Proposed Texas abortion laws include requiring burial of fetal remains

Pro-choice activists celebrate during a rally at the Supreme Court in Washington, Monday, June 27, 2016, after the court struck down Texas' widely replicated regulation of abortion clinics. The justices voted 5-3 in favor of Texas clinics that had argued the regulations were a thinly veiled attempt to make it harder for women to get an abortion in the nation's second-most populous state. (AP Photo/Evan Vucci)
Pro-choice activists celebrate during a rally at the Supreme Court in Washington, Monday, June 27, 2016, after the court struck down Texas' widely replicated regulation of abortion clinics. The justices voted 5-3 in favor of Texas clinics that had argued the regulations were a thinly veiled attempt to make it harder for women to get an abortion in the nation's second-most populous state. (AP Photo/Evan Vucci)

AUSTIN (KXAN) — State senators are holding a public hearing on Wednesday to discuss proposed abortion laws.

There are three new proposals a senate committee is going to look at. One proposal would ban late-term abortions. Another bans the sale and research of fetal tissue. The last bill would require fetal remains to be buried or cremated.

The fight over whether or not Texas can implement the rule requiring hospitals and abortion clinics to bury or cremate fetal remains—rather than disposing of them in a sanitary landfill— is already heading to trial. The rule, which was initially set to go into effect on Dec. 19, 2016, was challenged by the two groups stating the law serves no medical purpose.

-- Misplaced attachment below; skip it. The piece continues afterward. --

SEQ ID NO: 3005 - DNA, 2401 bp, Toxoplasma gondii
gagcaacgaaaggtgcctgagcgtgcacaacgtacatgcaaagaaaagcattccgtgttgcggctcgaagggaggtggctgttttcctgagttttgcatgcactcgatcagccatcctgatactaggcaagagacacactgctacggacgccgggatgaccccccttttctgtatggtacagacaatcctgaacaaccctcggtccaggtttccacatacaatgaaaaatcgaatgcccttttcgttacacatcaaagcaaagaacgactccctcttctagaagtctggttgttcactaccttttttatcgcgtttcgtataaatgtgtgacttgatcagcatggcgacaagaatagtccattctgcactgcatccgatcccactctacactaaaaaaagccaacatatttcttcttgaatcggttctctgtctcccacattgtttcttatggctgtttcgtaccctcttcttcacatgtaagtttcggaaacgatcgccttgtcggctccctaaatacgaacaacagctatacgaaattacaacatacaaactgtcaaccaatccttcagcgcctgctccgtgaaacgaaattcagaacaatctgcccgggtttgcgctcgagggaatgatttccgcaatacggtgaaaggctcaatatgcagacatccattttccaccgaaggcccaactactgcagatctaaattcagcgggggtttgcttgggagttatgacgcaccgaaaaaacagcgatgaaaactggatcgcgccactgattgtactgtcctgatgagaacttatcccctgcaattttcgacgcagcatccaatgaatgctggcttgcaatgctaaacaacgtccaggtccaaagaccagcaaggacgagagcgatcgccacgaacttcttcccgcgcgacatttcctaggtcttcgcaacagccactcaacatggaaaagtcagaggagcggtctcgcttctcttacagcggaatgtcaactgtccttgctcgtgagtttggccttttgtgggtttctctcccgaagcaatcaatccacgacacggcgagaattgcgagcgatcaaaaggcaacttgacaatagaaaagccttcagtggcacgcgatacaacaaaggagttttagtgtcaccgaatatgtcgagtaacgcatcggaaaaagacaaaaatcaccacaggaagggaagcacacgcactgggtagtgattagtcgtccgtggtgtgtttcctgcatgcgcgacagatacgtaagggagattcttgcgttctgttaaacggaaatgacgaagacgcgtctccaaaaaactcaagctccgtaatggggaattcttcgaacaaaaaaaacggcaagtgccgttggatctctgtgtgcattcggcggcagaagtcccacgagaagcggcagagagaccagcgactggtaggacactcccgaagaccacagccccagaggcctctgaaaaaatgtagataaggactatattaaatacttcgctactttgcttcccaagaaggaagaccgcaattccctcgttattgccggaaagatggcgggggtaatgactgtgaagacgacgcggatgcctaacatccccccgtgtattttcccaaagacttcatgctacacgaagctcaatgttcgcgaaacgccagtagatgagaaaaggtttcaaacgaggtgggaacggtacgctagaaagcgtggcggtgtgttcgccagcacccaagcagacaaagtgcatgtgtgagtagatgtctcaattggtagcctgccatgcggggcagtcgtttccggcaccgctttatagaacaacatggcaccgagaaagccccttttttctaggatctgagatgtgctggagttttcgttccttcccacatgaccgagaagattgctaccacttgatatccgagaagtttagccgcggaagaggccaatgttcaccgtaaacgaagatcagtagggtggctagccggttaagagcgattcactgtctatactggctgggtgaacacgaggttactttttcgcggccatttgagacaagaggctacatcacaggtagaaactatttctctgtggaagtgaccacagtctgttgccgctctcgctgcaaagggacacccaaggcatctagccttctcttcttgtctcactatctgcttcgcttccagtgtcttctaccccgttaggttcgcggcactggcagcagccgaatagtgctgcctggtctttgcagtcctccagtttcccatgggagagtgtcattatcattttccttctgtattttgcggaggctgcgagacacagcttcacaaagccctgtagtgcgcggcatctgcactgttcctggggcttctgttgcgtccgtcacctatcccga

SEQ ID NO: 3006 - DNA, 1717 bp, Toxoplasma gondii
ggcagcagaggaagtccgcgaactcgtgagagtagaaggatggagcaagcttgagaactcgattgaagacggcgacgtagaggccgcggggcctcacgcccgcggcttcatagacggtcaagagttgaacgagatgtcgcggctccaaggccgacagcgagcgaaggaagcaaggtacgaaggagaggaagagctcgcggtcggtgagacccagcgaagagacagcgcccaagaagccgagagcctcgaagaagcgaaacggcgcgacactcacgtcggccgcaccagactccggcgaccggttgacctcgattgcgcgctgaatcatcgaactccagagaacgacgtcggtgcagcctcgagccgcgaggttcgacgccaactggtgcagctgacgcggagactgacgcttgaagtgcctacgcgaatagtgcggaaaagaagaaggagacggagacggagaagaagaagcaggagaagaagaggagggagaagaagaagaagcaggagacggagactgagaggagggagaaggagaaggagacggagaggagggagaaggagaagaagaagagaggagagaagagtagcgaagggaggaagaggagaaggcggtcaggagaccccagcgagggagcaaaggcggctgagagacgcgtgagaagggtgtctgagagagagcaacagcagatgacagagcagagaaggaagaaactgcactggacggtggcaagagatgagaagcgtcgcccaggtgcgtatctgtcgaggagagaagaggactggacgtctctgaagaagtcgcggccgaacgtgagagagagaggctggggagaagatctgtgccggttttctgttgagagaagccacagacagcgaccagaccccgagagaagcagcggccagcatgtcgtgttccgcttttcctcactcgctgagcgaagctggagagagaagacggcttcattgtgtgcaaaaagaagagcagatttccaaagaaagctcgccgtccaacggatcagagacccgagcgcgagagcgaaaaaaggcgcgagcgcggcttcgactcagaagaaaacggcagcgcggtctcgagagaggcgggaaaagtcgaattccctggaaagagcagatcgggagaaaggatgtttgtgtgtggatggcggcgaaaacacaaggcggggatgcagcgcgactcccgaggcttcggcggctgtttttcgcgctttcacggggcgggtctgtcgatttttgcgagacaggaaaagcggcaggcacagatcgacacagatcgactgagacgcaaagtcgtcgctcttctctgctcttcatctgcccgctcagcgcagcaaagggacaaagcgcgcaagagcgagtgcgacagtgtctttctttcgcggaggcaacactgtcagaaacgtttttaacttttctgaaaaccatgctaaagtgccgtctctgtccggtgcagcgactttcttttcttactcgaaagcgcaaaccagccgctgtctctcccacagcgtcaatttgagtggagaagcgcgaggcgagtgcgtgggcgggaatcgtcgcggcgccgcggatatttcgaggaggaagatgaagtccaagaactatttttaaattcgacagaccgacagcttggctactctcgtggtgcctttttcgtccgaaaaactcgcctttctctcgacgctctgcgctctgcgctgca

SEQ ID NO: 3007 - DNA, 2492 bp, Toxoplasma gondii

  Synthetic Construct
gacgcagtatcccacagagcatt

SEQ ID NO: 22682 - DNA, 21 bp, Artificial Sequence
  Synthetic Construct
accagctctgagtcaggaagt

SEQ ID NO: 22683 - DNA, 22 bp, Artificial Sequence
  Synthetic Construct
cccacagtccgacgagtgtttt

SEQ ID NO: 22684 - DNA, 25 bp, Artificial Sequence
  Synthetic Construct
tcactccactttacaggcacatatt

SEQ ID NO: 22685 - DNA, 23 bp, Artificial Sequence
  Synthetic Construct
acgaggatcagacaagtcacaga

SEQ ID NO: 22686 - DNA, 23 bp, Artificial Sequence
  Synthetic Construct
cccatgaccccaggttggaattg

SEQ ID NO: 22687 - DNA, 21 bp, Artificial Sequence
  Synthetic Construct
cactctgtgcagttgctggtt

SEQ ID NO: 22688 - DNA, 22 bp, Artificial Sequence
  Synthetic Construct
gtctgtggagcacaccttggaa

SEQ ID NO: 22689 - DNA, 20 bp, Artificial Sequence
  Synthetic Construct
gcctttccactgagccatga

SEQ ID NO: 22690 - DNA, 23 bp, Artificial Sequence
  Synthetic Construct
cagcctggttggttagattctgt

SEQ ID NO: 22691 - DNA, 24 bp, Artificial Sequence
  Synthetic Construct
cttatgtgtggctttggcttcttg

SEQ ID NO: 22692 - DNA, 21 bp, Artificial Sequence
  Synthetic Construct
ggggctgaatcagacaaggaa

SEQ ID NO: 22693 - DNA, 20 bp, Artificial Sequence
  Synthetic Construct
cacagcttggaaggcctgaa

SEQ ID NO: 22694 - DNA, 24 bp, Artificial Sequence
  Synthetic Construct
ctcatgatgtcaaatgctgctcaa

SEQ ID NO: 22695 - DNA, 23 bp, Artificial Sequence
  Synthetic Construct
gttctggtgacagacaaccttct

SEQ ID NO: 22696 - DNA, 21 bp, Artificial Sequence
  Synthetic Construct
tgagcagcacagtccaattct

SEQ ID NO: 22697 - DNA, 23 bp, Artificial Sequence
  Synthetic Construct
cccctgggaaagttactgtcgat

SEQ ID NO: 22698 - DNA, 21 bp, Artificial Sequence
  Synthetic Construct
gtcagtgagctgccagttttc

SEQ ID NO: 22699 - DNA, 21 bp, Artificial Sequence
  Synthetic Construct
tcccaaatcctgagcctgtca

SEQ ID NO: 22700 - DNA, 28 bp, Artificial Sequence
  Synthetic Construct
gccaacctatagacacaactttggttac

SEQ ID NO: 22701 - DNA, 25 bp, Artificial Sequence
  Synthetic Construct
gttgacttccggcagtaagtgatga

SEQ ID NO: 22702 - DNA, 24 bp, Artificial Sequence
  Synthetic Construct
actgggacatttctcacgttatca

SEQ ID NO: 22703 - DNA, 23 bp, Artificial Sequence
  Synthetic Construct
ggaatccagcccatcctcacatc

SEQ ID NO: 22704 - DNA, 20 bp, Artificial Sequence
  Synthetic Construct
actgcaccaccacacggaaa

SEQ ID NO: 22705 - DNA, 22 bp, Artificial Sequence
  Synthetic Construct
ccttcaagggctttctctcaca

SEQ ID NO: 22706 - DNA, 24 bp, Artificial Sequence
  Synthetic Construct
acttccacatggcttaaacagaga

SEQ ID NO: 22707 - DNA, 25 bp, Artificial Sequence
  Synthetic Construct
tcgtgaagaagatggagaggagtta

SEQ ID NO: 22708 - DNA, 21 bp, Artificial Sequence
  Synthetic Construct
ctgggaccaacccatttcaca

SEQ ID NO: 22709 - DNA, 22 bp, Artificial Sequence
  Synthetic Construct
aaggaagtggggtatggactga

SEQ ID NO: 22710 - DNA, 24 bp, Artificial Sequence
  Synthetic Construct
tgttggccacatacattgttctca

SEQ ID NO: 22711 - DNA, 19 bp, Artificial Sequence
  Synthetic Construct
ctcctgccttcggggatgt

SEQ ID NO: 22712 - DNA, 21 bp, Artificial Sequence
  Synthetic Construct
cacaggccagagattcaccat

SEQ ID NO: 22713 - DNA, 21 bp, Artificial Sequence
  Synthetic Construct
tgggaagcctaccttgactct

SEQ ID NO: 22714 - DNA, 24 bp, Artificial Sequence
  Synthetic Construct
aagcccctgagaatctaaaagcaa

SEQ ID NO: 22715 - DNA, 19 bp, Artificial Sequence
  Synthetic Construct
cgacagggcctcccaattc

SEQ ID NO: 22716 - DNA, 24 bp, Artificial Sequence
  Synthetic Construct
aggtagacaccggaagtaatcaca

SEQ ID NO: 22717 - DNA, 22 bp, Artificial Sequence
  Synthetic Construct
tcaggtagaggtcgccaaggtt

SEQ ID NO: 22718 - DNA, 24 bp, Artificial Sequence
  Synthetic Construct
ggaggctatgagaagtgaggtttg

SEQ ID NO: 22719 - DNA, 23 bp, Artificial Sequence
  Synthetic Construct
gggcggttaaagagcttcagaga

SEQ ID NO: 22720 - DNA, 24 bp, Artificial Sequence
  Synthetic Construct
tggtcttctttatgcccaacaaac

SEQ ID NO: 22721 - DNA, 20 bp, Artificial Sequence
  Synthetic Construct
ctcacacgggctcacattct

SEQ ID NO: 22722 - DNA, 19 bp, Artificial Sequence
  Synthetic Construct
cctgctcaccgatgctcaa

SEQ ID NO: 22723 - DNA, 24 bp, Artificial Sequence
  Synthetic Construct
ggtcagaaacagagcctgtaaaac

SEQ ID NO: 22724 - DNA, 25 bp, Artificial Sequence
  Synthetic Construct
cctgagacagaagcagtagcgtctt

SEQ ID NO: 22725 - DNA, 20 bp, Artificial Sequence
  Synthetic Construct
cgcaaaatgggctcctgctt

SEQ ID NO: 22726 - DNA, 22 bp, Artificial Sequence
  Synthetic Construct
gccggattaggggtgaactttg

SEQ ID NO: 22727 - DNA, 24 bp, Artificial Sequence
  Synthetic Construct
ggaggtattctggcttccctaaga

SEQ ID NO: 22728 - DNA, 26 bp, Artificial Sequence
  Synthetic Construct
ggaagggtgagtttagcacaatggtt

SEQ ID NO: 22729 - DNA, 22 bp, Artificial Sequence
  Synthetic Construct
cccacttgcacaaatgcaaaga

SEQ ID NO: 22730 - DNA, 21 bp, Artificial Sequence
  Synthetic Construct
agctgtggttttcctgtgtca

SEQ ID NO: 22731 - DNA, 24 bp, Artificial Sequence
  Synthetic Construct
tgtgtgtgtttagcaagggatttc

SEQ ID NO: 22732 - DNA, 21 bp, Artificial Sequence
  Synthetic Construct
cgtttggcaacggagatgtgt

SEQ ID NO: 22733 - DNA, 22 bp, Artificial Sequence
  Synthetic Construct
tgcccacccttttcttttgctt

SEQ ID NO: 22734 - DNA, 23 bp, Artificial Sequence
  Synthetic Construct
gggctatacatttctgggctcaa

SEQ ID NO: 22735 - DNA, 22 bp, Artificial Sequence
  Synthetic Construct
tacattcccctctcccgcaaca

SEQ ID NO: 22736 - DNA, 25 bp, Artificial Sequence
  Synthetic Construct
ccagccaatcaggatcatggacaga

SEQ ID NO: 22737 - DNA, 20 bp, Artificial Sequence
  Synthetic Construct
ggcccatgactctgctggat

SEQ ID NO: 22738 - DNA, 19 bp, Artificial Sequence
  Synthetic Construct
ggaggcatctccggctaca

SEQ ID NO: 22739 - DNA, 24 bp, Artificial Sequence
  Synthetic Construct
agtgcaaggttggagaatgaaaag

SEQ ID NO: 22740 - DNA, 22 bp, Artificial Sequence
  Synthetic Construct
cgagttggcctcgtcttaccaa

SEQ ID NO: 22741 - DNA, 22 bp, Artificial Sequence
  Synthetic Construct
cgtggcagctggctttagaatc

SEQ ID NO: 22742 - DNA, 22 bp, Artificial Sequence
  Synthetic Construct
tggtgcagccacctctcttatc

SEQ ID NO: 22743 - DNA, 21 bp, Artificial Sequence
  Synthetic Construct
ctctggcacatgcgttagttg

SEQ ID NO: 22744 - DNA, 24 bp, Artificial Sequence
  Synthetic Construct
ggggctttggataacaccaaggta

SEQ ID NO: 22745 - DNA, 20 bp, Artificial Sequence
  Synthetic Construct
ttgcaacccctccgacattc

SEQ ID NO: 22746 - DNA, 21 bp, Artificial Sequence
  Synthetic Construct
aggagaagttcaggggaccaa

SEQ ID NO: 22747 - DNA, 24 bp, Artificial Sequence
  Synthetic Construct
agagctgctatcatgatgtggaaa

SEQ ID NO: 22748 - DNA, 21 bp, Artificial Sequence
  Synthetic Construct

During the hearing, a cost-benefit analysis expert found the rule has no benefits for health and public safety, yet comes with costs, estimating each cremation would be around $500 to $700. Funeral homes are questioning who would pay for the burial costs.

In January, S. District Judge Sam Sparks determined there was enough evidence presented by the Center for Reproductive Rights and Whole Woman’s Health to grant a preliminary injunction. According to the injunction, there may be only one facility in the entire state of Texas both willing and currently able to handle disposal of fetal tissue as required by the rule.

Sparks stated that since there are not enough vendors to handle the task of burying fetal remains, it would “deliver a major, if not fatal, blow to healthcare providers performing abortions.”

“No longer content with merely ending the life of the unborn, the radical left now objects to even the humane treatment of fetal remains. Texas stands committed to honoring the dignity of the unborn and my office is proud to continue fighting for these new rules,” said Attorney General Ken Paxton, who plans to appeal the court’s injunction.

Texas first proposed the rules in July, just after the U.S. Supreme Court voided many of the state’s larger restrictions on abortion.

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